Facebook to keep profiles of the dead

Oct 27, 2009 By BARBARA ORTUTAY , AP Technology Writer

(AP) -- Death doesn't erase the online footprints that people leave in life and Facebook won't either, though it will make some changes.

The five-year-old social network will "memorialize" profiles of the dead if their friends or family request it.

Such accounts will be different from regular profiles.

For example, the site will remove any contact information and bar people from logging in. The person's also won't appear in the "suggestions" section of Facebook, and only the deceased person's confirmed friends will be able to find them in a search.

The development comes as Facebook becomes an important social hub for its more than 300 million active users worldwide to keep up with friends and family.

©2009 The Associated Press. All rights reserved. This material may not be published, broadcast, rewritten or redistributed.

Explore further: Putin signs law seen as crimping social media

add to favorites email to friend print save as pdf

Related Stories

Facebook Lite On its Way

Sep 15, 2009

(PhysOrg.com) -- The social networking site Facebook has begun testing a simpler, no-frills alternative to its regular interface. The cleaner, uncluttered interface is particularly aimed at entry-level users ...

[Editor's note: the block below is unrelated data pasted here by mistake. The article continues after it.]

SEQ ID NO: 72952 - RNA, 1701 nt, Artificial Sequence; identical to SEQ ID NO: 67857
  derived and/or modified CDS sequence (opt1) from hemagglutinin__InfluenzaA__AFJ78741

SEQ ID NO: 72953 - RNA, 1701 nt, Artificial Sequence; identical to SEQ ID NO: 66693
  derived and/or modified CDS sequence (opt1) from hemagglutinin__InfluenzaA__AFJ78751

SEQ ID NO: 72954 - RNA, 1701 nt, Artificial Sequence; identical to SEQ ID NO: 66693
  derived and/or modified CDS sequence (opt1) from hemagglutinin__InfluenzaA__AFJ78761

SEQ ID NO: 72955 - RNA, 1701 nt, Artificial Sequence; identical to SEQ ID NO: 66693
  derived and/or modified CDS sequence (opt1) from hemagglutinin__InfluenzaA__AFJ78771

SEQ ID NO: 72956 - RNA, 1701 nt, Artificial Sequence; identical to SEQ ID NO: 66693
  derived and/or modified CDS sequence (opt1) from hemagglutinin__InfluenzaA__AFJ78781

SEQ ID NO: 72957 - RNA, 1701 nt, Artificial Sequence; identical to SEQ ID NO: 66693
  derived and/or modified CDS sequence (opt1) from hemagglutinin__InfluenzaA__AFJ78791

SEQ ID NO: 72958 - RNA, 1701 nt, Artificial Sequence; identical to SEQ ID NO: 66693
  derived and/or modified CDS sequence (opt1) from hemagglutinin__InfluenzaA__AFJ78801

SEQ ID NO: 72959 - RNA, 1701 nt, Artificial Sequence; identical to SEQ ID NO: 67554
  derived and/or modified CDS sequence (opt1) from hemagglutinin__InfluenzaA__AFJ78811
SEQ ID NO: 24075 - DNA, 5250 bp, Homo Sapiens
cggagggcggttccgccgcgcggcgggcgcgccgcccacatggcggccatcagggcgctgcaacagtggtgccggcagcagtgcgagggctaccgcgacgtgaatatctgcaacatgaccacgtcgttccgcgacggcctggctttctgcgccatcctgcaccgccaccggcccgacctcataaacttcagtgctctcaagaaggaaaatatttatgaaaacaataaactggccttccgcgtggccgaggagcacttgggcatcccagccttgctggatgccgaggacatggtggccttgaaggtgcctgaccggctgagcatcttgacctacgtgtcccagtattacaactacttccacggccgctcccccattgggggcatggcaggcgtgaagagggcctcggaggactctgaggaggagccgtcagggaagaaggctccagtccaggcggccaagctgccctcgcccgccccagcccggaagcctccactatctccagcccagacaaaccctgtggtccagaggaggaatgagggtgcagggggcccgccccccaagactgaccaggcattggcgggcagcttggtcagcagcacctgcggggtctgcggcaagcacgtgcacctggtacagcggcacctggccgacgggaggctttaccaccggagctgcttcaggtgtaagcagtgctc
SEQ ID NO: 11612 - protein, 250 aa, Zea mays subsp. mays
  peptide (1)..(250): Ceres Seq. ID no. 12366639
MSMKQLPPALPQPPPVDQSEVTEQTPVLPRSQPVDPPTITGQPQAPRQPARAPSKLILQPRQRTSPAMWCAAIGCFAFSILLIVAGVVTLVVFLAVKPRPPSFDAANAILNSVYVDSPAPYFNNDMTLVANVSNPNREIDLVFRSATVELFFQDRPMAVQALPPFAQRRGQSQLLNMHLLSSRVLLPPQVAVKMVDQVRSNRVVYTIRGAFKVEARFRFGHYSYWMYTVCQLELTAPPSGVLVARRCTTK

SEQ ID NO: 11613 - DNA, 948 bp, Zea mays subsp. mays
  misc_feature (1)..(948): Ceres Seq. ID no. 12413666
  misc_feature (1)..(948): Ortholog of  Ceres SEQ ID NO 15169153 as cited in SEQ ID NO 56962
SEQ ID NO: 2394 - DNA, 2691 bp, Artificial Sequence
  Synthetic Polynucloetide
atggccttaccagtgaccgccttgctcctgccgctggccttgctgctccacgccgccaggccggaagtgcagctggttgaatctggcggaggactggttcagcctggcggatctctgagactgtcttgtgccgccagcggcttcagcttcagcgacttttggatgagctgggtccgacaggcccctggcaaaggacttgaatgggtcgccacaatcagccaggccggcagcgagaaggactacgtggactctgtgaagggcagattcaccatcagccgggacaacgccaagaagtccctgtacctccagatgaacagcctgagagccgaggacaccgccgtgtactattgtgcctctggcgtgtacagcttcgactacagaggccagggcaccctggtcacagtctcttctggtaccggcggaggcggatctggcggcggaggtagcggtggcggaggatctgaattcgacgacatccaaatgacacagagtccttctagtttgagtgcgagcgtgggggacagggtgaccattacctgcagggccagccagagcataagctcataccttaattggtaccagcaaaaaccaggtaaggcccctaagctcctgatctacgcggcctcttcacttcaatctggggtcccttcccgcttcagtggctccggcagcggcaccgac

Facebook buys social media aggregator FriendFeed

Aug 10, 2009

(AP) -- Facebook is buying a Web service called FriendFeed that gives users a view of what their friends are doing on all sorts of social media sites, including Facebook's rivals.

Watchdog: Facebook violates Canadian privacy law

Jul 16, 2009

(AP) -- Canada's privacy commissioner says the online social networking site Facebook breaches Canadian law by keeping users personal information indefinitely after members close their accounts.

Social networking aggregator sues Facebook

Jul 10, 2009

(AP) -- In a counter-punch to the world's biggest online hangout, a small Web company called Power.com has sued Facebook, saying it doesn't follow its own policy of giving users control over their content.

Recommended for you

Putin signs law seen as crimping social media

7 hours ago

President Vladimir Putin on Tuesday signed a law requiring Internet companies to store all personal data of Russian users at data centres in Russia, a move which could chill criticism on foreign social networking ...

User comments : 1

Adjust slider to filter visible comments by rank

Display comments: newest first

rgw
not rated yet Oct 27, 2009
"Bring out your dead...."
"alas, poor Yorrick, I knew him well"
Hamlet and Monty Python would love this